Saudi Aramco, the world’s largest oil producer said all its 30,000 workstations are now operational after fixing its main internal computer networks infected by a virus on August 15. The company prevented further damage by shutting down its electronic systems immediately following its discovery of the cyber attack.
The company said the virus did not affect the oil exploration and production of the Saudi Aramco because it runs on an isolated system.
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In a statement, Saudi Aramco assured its stakeholders and customers that the company’s overall oil and gas operations are back to normal and reliable. Khalif al-Falih, CEO of Saudi Aramco said, “We would like to emphasize and assure our stakeholders, customers and partners that our core businesses of oil and gas exploration, production and distribution from the wellhead to the distribution network were unaffected and are functioning as reliably as ever.”
Al Falih also added Saudi Aramco is not the only victim of cyber attacks and promised the company will heightened the security of its systems to prevent the recurrence of similar incidents. He said, “Saudi Aramco is not the only company that became a target for such attempts, and this was not the first nor will it be the last illegal attempt to intrude into our systems. We will ensure that we will further reinforce our systems with all available means to protect against a recurrence of this type of cyber attack.”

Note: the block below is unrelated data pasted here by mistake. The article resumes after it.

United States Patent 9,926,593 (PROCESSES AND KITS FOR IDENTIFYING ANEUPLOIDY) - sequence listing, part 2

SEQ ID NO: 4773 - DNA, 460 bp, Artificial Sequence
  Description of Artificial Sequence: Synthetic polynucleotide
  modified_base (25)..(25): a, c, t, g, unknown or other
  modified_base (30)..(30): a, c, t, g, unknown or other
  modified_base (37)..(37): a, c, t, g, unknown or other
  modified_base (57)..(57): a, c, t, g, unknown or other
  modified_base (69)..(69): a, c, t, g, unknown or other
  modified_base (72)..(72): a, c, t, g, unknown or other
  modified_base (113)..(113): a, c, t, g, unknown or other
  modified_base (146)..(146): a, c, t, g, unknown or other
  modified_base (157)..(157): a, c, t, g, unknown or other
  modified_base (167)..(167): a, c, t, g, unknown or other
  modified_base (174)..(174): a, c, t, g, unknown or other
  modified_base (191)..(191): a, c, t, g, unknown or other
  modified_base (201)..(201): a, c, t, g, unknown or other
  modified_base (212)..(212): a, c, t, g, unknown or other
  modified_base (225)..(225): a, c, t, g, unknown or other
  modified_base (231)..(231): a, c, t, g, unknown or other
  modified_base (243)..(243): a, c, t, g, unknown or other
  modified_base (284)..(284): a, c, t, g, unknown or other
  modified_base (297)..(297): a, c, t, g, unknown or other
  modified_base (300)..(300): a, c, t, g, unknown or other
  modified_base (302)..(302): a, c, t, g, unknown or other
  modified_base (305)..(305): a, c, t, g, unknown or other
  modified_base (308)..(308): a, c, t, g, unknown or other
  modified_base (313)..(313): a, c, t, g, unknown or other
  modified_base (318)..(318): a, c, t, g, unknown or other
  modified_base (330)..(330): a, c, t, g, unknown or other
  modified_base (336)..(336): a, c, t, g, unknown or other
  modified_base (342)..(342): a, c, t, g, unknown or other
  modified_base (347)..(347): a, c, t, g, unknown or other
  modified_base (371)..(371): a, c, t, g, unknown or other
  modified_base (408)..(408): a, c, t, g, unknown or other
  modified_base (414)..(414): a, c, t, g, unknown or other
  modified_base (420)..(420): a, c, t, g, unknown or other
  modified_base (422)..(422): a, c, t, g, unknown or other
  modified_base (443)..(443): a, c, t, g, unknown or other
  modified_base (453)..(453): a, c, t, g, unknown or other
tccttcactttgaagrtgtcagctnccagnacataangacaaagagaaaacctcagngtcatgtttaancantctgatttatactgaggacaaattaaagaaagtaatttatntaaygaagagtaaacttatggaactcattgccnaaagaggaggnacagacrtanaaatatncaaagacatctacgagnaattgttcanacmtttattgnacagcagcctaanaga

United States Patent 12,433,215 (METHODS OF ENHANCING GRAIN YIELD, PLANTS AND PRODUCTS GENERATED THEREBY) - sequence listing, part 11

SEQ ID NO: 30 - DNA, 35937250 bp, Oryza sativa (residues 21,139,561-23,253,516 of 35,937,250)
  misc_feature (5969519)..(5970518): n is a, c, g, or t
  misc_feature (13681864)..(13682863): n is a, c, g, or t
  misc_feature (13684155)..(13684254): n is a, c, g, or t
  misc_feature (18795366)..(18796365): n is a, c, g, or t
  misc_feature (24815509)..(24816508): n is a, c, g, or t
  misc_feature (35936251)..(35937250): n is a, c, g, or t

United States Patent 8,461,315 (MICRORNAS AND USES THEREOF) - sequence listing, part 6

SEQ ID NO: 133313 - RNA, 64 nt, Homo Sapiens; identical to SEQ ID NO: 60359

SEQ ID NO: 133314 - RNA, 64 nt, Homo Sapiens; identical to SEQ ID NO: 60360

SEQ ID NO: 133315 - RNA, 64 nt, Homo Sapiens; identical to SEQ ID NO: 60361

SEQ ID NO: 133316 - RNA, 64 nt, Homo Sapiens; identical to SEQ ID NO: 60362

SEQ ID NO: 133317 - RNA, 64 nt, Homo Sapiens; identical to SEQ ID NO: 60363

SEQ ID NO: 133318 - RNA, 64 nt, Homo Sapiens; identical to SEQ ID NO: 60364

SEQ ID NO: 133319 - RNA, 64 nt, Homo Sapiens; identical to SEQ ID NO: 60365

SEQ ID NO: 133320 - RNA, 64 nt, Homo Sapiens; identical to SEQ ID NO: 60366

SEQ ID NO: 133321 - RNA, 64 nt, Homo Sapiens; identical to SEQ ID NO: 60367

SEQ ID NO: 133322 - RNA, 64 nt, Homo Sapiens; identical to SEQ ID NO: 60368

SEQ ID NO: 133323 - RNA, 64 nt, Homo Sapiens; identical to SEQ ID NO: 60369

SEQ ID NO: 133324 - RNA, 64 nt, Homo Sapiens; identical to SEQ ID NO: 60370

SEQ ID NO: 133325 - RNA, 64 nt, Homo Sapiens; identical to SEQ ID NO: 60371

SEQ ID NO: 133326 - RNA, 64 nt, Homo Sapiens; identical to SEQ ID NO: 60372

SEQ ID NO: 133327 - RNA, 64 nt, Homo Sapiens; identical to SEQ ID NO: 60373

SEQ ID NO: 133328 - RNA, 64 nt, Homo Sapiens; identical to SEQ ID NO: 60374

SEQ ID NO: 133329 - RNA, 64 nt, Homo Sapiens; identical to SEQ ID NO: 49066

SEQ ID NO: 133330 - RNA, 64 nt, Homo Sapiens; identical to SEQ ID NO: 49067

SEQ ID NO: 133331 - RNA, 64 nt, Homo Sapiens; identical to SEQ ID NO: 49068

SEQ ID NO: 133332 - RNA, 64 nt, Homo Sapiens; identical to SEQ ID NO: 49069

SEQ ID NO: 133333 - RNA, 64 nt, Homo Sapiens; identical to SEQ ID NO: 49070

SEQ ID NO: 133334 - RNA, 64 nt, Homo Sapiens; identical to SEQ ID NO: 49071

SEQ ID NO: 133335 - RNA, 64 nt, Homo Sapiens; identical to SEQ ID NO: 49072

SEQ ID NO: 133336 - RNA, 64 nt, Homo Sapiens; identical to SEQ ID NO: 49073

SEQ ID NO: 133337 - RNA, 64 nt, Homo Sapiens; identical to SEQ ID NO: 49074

Reuters observed the company’s website (www.aramco.com), which was also affected by the virus, was still down on Sunday. The new agency said its e-mails sent to individual in the company bounced back.
Saudi Aramco is investigating the cause of the virus and the individuals responsible in the attack. The company said incident originated from external sources.
A group known as “Cutting Sword of Justice” claimed responsibility in launching the virus to destroy the 30,000 workstations of Saudi Aramco, which is the main source of income of the Kingdom of Saudi Arabia. The group blamed the Kindom for the “crimes and atrocities” for supporting Sunni Muslim leaders and rebels in the Middle East particularly in Bahrain and Syria.
Following the cyber attack on Saudi Aramco’s main internal computer networks, Symantec Corporation (NASDAQ:SYMC), one of the leading internet security companies in the world said a new virus known as W32.Disttrack was identified by the company, which targets one organization in the global energy sector. Symantec said the virus is a destructive malware that corrupts files on a compromised compute and overwrites the Master Boot Record (MBR) making the computer unusable.
Iran’s Oil Ministry and oil company networks have been victims of cyber attacks last April.